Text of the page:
For us, 2013 ended on a bang – strong winds, heavy rain, widespread flooding. Our small schnauzer, Lucy, has not been keen even to put her toes out of the back door!
My apologies for missing two months of blogs. I found that in the UK, the blogs were published on a website called ‘Health Unlocked’ and not on the Hughes Syndrome Foundation website, which I have been telling folks to look on. In future, you would be able to catch the blog on two other sites: hughes-syndrome.org. and londonlupuscentre.com.
Also, thanks to the generous sponsorship of INOVA (a California-based company making testing kits for various diseases, including auto-immune diseases), Kate now has copies of all previous blogs, bound in a single volume covering the past three years’ publications which is available at: hughes-syndrome.org/get-inv...
In October I did something very silly – I travelled to Melbourne, Australia and back for two days! I had accepted an invitation over a year ago, to give a lecture on Hughes syndrome to an Australian Psychiatry Congress. And it was very well worth the effort, from my point of view.
We know that Hughes syndrome can affect almost any part of the body but, in my opinion, one of the commonest (and most frightening) features, memory loss, often goes undiagnosed. So sad, as the improvement in memory loss in many Hughes syndrome patients when anticoagulation is started, can be truly dramatic. The interest and enthusiasm of these Australian psychiatrists, yet another specialty interested in Hughes syndrome, was so very stimulating.
Patient of the Month
Teenage glandular fever, St Vitus Dance and hip pain. What can they have in common? Well, for a start, they were all features in the history of Mrs F.W. – this month’s patient of the month.
Mrs F.W., aged 53, was referred for a second opinion. She had a severe, complex neurological illness. Her history of frequent, severe migraines went back over 30 years, few of the standard migraine medicines proving very successful. Over the past 5 – 7 years, things had worsened. She suffered a number of ‘mini’ strokes’ (TIAs) and an acute onset of ‘Meniere’s disease’ (severe balance problems). In addition, she developed sleep problems and severe memory problems.
Finally, she developed jerking movements in the arms, thought by her referring doctor to be chorea (St Vitus Dance).
She was investigated by a neurologist, who added temporal lobe epilepsy to the list of problems. This neurologist suspected Hughes syndrome – despite the negative blood tests – party because of the history. She also noted that Mrs F.W. had previously suffered a number of miscarriages and one late pregnancy loss.
When I saw the patient, there were two signs (which are so important in diagnosis): she had blotchy skin circulation (“livedo”), and very dry eyes and mouth. There were writhing choreiform (“Thai dancing”) movements of the right hand.
There were two additional features in the story. She had developed quite severe glandular fever in her late teens – in the patient’s opinion, all the other problems had started from there. Or so it seemed.
The second additional piece of the puzzle was ‘aches and pains’. These had been muscular – on and off for a number of years – and more recently with discomfort on movement in both hips.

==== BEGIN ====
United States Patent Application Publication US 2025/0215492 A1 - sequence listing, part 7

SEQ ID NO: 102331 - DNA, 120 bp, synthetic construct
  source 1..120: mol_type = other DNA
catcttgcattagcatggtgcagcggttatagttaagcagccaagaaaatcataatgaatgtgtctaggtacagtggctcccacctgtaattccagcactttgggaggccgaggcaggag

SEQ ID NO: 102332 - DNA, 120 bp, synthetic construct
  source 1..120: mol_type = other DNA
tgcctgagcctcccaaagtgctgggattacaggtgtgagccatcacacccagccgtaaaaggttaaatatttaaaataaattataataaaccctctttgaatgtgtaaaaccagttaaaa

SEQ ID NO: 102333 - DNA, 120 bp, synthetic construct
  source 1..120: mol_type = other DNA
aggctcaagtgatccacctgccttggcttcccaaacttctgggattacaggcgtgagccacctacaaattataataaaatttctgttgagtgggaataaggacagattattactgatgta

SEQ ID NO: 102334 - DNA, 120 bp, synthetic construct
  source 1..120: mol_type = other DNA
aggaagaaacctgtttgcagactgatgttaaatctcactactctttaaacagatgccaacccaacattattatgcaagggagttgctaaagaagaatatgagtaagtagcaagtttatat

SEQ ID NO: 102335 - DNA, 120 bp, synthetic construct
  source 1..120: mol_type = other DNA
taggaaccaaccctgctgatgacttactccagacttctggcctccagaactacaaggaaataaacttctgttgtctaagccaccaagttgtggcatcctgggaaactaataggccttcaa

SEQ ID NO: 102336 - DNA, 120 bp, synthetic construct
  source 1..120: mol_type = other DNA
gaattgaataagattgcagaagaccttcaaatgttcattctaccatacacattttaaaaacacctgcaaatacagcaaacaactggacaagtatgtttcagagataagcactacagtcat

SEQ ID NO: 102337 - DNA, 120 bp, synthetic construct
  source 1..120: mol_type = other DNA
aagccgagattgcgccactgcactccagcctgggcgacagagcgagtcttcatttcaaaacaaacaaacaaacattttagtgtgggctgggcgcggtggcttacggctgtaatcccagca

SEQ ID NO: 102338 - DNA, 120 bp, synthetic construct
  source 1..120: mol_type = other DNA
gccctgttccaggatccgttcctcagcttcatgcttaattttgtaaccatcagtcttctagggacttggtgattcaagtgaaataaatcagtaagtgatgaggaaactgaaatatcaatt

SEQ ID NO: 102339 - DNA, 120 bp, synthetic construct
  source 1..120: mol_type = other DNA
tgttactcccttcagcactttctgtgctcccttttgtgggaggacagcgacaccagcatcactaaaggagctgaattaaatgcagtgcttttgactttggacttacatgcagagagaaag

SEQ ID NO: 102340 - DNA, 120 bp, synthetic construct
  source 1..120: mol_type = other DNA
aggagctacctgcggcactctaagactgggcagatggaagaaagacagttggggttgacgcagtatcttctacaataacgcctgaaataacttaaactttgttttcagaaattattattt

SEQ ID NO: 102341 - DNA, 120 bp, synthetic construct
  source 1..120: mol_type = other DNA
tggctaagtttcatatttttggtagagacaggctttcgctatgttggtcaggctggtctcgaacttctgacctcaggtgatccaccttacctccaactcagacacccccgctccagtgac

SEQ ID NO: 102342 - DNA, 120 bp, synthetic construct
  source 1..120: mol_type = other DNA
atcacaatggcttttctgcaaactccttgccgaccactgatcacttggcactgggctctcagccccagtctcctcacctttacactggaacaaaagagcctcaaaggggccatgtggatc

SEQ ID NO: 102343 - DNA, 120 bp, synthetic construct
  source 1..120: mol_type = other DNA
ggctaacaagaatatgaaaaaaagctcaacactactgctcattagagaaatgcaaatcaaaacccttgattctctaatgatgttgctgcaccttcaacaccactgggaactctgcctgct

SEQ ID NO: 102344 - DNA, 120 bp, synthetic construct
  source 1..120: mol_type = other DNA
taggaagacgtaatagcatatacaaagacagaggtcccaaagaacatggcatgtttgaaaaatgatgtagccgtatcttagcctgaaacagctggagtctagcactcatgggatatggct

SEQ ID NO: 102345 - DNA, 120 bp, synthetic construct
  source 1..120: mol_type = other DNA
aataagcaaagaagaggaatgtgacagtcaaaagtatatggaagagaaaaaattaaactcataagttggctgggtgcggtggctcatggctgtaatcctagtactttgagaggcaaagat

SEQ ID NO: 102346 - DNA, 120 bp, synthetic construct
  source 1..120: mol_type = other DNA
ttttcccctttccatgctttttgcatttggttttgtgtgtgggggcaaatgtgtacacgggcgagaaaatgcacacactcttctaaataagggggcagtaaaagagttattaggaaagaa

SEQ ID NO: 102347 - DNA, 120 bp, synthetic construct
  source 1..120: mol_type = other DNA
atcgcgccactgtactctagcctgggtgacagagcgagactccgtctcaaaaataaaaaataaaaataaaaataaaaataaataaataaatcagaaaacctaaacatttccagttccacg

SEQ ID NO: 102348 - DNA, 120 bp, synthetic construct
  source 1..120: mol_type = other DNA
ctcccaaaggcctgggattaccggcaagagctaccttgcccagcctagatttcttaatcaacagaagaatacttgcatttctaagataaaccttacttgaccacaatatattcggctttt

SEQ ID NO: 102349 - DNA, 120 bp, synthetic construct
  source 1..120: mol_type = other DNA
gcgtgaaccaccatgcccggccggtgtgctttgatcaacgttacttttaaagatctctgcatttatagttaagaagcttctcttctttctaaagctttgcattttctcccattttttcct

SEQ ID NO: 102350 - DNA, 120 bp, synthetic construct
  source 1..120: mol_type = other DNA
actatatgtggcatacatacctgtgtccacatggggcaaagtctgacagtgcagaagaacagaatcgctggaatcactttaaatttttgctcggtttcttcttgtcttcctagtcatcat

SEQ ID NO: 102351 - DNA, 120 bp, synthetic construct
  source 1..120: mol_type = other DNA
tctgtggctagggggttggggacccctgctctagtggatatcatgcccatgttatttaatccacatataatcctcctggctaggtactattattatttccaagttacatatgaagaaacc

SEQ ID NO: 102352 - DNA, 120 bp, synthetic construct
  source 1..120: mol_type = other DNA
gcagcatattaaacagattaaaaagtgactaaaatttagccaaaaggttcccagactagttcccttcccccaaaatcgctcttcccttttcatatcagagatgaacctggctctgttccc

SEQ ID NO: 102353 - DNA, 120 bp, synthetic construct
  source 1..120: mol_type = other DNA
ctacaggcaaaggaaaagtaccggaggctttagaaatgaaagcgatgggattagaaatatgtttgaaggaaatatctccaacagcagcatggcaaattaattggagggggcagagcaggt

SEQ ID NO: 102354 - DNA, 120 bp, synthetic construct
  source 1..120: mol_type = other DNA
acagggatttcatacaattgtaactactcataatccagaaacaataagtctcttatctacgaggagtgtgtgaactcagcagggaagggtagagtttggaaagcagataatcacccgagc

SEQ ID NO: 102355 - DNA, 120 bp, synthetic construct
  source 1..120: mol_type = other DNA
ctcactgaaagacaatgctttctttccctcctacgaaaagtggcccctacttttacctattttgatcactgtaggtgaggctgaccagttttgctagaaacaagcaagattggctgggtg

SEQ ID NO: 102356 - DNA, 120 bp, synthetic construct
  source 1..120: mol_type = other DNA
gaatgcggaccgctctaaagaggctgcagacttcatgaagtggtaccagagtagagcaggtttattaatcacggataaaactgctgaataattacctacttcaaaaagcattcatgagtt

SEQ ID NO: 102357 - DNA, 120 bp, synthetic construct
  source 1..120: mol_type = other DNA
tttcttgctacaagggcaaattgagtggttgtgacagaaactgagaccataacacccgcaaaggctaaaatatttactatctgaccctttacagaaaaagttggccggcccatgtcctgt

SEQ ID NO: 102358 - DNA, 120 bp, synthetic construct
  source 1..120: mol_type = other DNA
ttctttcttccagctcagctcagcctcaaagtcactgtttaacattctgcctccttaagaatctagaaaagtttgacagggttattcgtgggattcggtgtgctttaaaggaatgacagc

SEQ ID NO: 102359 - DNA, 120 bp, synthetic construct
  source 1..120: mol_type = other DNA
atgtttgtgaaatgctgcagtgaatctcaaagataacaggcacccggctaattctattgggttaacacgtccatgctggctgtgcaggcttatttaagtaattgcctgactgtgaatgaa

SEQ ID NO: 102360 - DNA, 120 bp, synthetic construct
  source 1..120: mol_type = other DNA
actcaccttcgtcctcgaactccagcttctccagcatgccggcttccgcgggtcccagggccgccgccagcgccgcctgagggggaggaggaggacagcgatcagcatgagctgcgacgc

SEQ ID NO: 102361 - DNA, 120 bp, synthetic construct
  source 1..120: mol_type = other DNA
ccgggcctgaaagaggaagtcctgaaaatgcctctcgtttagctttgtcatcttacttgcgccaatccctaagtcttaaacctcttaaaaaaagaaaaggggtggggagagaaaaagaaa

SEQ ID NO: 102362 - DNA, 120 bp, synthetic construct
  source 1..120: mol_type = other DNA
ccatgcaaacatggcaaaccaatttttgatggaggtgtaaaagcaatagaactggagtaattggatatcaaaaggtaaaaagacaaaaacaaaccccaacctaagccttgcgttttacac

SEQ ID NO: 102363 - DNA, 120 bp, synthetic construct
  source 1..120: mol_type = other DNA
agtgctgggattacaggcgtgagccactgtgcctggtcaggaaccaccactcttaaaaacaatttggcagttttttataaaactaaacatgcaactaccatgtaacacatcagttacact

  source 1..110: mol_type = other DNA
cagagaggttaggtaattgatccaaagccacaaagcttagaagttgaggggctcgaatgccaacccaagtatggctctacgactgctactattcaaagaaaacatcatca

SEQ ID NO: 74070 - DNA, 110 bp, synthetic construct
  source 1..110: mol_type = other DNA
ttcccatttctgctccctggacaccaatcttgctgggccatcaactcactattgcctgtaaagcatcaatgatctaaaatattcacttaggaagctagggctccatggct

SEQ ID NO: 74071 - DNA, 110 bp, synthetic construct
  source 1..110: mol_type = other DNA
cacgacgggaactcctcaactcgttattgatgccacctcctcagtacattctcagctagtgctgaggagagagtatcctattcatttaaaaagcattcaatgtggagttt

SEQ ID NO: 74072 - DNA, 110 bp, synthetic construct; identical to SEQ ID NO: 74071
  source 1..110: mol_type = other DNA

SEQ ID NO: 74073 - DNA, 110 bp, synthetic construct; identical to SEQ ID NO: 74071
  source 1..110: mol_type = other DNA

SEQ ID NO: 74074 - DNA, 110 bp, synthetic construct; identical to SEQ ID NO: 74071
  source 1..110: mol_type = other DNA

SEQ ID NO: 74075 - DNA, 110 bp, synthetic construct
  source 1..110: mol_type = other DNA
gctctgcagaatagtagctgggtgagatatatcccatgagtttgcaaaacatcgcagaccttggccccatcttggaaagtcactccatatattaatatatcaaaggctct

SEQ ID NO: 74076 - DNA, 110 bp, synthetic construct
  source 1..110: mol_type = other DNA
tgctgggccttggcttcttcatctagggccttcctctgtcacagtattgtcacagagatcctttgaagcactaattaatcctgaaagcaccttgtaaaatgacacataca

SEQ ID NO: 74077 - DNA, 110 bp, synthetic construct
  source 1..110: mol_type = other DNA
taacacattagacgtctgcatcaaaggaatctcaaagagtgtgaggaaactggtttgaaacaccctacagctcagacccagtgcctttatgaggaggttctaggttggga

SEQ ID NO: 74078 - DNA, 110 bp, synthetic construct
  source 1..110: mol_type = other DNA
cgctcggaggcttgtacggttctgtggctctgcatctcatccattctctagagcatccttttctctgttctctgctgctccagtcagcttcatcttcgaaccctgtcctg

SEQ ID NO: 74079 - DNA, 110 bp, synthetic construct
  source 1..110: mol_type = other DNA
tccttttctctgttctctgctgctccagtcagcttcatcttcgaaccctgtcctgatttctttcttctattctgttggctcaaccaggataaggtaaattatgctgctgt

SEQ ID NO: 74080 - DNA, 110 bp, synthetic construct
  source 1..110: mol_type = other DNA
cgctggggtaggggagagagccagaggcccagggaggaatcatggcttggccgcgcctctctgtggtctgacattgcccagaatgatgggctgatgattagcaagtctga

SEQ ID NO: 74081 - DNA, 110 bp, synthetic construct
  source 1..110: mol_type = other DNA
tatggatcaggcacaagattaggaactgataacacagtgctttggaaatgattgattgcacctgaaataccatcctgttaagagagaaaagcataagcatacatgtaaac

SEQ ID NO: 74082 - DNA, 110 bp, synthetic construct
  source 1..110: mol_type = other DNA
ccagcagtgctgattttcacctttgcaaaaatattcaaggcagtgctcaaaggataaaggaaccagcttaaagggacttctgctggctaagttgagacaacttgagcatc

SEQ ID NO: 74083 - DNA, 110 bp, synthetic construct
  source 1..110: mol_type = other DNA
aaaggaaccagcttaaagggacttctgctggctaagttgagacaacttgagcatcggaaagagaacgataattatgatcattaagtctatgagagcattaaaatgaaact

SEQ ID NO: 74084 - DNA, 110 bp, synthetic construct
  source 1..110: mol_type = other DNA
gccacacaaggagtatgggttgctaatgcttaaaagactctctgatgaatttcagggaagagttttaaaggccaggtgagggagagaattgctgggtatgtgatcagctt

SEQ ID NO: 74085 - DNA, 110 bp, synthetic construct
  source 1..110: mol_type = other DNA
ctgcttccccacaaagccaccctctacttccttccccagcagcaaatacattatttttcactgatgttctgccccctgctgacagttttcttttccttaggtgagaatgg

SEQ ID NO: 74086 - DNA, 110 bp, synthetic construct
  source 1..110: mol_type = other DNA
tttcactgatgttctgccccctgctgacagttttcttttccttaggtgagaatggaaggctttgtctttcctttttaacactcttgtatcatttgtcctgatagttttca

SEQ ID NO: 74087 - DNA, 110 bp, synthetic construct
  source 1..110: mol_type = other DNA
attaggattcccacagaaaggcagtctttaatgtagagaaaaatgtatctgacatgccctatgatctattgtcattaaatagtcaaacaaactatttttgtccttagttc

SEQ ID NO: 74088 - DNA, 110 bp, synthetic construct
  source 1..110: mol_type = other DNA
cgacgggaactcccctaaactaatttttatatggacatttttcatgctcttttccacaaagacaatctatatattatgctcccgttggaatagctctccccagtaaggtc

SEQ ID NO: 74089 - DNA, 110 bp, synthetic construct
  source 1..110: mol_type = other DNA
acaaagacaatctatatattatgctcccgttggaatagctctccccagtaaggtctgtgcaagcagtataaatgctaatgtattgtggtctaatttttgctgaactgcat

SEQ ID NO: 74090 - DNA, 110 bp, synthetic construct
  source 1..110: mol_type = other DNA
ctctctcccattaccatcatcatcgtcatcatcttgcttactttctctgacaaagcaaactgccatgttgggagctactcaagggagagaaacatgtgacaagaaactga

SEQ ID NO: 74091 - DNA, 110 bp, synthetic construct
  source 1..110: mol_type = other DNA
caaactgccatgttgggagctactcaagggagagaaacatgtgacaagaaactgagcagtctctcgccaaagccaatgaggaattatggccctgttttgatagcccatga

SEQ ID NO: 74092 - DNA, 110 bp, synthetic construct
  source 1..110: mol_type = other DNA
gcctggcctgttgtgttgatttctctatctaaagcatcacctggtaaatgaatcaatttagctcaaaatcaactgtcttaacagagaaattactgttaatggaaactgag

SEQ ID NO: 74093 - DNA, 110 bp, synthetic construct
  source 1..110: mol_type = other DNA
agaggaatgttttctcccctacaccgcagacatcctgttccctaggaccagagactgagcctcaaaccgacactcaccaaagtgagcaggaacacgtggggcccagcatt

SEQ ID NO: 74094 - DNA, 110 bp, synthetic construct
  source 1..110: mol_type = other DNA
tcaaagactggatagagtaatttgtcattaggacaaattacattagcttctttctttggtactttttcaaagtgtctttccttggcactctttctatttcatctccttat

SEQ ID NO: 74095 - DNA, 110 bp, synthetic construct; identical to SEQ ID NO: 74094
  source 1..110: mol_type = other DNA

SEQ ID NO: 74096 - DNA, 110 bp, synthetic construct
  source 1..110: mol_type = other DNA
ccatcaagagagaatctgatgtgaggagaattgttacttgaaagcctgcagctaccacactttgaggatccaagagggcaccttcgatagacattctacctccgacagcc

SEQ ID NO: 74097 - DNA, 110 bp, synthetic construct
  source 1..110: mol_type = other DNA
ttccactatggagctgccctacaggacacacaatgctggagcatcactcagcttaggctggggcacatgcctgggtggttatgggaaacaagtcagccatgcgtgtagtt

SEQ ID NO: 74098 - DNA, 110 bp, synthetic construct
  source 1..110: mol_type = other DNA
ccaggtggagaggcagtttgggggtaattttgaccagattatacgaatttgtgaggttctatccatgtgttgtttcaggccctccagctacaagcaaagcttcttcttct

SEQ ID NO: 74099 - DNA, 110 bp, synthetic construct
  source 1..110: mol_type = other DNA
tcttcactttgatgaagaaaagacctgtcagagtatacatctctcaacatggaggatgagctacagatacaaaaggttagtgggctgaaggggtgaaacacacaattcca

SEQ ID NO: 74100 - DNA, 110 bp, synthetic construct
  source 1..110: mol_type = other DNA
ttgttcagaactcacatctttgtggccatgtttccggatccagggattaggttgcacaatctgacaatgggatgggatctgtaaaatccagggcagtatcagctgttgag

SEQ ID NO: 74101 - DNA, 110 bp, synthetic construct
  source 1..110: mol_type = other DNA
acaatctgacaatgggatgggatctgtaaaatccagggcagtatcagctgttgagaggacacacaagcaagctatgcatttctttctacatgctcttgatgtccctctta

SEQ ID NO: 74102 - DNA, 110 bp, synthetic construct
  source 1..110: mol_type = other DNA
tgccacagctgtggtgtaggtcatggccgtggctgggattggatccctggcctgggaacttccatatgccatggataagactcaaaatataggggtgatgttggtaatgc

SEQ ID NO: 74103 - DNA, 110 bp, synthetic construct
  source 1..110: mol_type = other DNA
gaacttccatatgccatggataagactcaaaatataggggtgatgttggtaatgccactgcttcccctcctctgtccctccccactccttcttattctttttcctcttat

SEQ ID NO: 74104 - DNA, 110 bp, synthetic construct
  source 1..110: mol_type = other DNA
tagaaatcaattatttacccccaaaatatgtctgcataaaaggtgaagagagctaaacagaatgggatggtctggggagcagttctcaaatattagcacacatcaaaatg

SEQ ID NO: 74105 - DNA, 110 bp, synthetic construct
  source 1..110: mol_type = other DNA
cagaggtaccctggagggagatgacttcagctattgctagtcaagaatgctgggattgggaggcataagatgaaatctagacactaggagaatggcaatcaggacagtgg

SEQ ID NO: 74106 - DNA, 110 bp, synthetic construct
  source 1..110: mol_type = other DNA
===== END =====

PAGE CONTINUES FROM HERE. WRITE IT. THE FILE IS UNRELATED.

What is this patient teaching us?
So many lessons. Firstly, that Hughes syndrome has a particular affinity for the nervous system – migraine, TIA and stroke, epilepsy, sleep disturbance, movement disorders – and, of course, memory loss are all symptoms of ‘sticky blood’ and the brain’s protestations at poor blood supply.
Clinically, this patient had Sjogren’s syndrome – with dry eyes and mouth, and widespread aches and pains. The blood tests were also suggestive, with strong levels of antibodies (both antinuclear antibodies – ANA – and thyroid antibodies). But no antiphospholipid antibodies.
The multiple miscarriages – and especially, tragically, the late pregnancy loss – are clues to the diagnosis, as in the finding of blotchy skin livedo.
This story has a very happy outcome. The patient was started on anticoagulants – first heparin and then warfarin. Total disappearance of the headaches and chorea, improvement in the balance problems and memory loss, and, to our surprise, marked improvement in sleep pattern.
And the hip pain? Very interesting. Disappearance of the bilateral hip pain. Perhaps I’ll keep this topic for a future ‘blog’. But remember – the hip requires a good blood supply, just as does the middle ear balance organ and the brain.
Finally, back to an old theme. Negative tests. For me, this is one of the most important lessons of all. Tests aren’t everything. We see so many patients who fit the diagnosis of Hughes syndrome in whom present conventional tests are negative.
Sixty years ago, that happened in ‘sero-negative’ rheumatoid arthritis. Fifty years ago, that happened in ‘sero-negative’ lupus (concepts which are now widely accepted). But the testing moved on.
I believe we must recognise this fact and focus on the clinical picture.
This patient developed ‘auto-immune’ disease (probably Sjogren’s and Hughes syndrome) following a severe attack of glandular fever. The E-B virus, the cause of the glandular fever, has long been a leading suspect in the events that trigger the explosion in the immune system that leads to diseases such as lupus, Sjogren’s, Thyroid and Hughes syndrome.